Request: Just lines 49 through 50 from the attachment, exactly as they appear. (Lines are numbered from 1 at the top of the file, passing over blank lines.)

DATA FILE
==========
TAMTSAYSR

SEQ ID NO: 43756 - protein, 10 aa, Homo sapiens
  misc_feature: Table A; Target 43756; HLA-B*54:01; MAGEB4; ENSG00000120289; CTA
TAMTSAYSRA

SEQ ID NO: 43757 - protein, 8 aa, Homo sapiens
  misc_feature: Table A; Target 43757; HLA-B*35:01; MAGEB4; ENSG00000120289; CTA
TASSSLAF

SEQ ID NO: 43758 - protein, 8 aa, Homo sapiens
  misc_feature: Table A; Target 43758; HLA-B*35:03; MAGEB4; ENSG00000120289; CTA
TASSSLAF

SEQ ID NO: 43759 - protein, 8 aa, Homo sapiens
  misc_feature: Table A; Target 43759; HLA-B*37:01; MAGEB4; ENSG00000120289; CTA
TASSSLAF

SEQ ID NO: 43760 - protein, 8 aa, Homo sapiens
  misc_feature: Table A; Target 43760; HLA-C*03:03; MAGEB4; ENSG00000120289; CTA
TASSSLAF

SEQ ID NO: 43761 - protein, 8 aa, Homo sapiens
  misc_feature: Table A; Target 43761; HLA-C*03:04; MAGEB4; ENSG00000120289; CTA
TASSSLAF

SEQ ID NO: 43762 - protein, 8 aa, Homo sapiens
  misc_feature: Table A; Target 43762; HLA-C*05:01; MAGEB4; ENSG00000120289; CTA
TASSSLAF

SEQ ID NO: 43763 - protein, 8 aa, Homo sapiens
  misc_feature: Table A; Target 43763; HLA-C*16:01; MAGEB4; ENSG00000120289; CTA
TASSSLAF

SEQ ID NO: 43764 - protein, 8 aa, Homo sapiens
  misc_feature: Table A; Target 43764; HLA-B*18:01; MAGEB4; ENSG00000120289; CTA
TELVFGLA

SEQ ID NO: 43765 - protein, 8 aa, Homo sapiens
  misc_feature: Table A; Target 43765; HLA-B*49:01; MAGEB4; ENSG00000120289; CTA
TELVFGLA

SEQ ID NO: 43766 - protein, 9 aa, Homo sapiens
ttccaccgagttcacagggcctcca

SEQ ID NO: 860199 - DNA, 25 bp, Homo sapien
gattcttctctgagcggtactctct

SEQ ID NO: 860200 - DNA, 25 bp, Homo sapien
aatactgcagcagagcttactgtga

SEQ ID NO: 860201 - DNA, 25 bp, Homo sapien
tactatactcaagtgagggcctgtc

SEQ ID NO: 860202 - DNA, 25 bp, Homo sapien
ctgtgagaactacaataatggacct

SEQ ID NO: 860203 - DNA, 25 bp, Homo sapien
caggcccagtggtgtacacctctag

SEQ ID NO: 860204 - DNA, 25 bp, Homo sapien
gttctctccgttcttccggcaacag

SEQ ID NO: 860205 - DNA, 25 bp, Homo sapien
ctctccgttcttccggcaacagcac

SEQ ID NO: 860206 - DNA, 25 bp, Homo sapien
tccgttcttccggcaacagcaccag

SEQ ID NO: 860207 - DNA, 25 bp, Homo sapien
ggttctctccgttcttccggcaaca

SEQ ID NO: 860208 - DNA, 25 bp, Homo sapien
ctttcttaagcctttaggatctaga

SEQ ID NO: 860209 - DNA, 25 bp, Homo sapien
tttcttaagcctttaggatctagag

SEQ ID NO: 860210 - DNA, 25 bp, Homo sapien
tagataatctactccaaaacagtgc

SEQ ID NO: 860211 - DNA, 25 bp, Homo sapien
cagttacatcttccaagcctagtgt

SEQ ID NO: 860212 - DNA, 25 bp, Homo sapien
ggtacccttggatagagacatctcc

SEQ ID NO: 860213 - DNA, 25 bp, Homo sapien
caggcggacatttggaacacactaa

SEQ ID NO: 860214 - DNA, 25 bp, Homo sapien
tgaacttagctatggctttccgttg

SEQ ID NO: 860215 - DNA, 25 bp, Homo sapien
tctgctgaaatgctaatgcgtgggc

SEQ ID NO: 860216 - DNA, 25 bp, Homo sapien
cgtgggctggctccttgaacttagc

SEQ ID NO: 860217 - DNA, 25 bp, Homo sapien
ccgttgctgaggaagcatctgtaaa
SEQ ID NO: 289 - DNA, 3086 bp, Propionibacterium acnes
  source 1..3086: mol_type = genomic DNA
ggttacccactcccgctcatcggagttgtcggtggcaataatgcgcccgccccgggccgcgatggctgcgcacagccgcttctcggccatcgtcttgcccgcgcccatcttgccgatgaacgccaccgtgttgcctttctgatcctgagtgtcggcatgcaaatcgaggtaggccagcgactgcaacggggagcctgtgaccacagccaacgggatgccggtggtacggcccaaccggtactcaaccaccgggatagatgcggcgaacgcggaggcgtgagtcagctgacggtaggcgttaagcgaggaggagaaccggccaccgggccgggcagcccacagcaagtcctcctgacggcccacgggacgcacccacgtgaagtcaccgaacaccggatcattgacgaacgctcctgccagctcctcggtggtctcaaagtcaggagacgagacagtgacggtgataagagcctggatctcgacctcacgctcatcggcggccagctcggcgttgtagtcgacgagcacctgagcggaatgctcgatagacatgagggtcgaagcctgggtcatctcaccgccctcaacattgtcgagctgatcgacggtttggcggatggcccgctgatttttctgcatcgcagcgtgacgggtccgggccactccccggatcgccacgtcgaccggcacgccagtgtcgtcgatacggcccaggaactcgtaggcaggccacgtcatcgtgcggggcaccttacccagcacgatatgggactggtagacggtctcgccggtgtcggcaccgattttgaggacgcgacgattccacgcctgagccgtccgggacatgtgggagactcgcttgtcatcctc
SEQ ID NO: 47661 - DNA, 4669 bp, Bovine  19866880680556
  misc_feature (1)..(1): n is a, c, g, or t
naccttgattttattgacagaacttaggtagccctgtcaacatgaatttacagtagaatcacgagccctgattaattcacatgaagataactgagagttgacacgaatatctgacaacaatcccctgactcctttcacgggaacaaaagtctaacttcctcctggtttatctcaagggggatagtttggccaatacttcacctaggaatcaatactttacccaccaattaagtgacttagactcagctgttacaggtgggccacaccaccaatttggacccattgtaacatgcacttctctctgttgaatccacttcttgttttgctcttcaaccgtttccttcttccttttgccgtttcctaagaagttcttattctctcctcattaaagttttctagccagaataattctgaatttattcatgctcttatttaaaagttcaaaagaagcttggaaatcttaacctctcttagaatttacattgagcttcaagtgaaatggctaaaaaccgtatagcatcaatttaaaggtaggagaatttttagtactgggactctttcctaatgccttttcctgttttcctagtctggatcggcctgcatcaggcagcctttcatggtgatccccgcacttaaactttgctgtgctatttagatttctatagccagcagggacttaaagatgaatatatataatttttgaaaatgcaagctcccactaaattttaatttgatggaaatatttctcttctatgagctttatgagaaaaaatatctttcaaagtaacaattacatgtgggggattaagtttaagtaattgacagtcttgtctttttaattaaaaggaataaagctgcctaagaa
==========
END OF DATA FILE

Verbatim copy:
tccgttcttccggcaacagcaccag

SEQ ID NO: 860207 - DNA, 25 bp, Homo sapien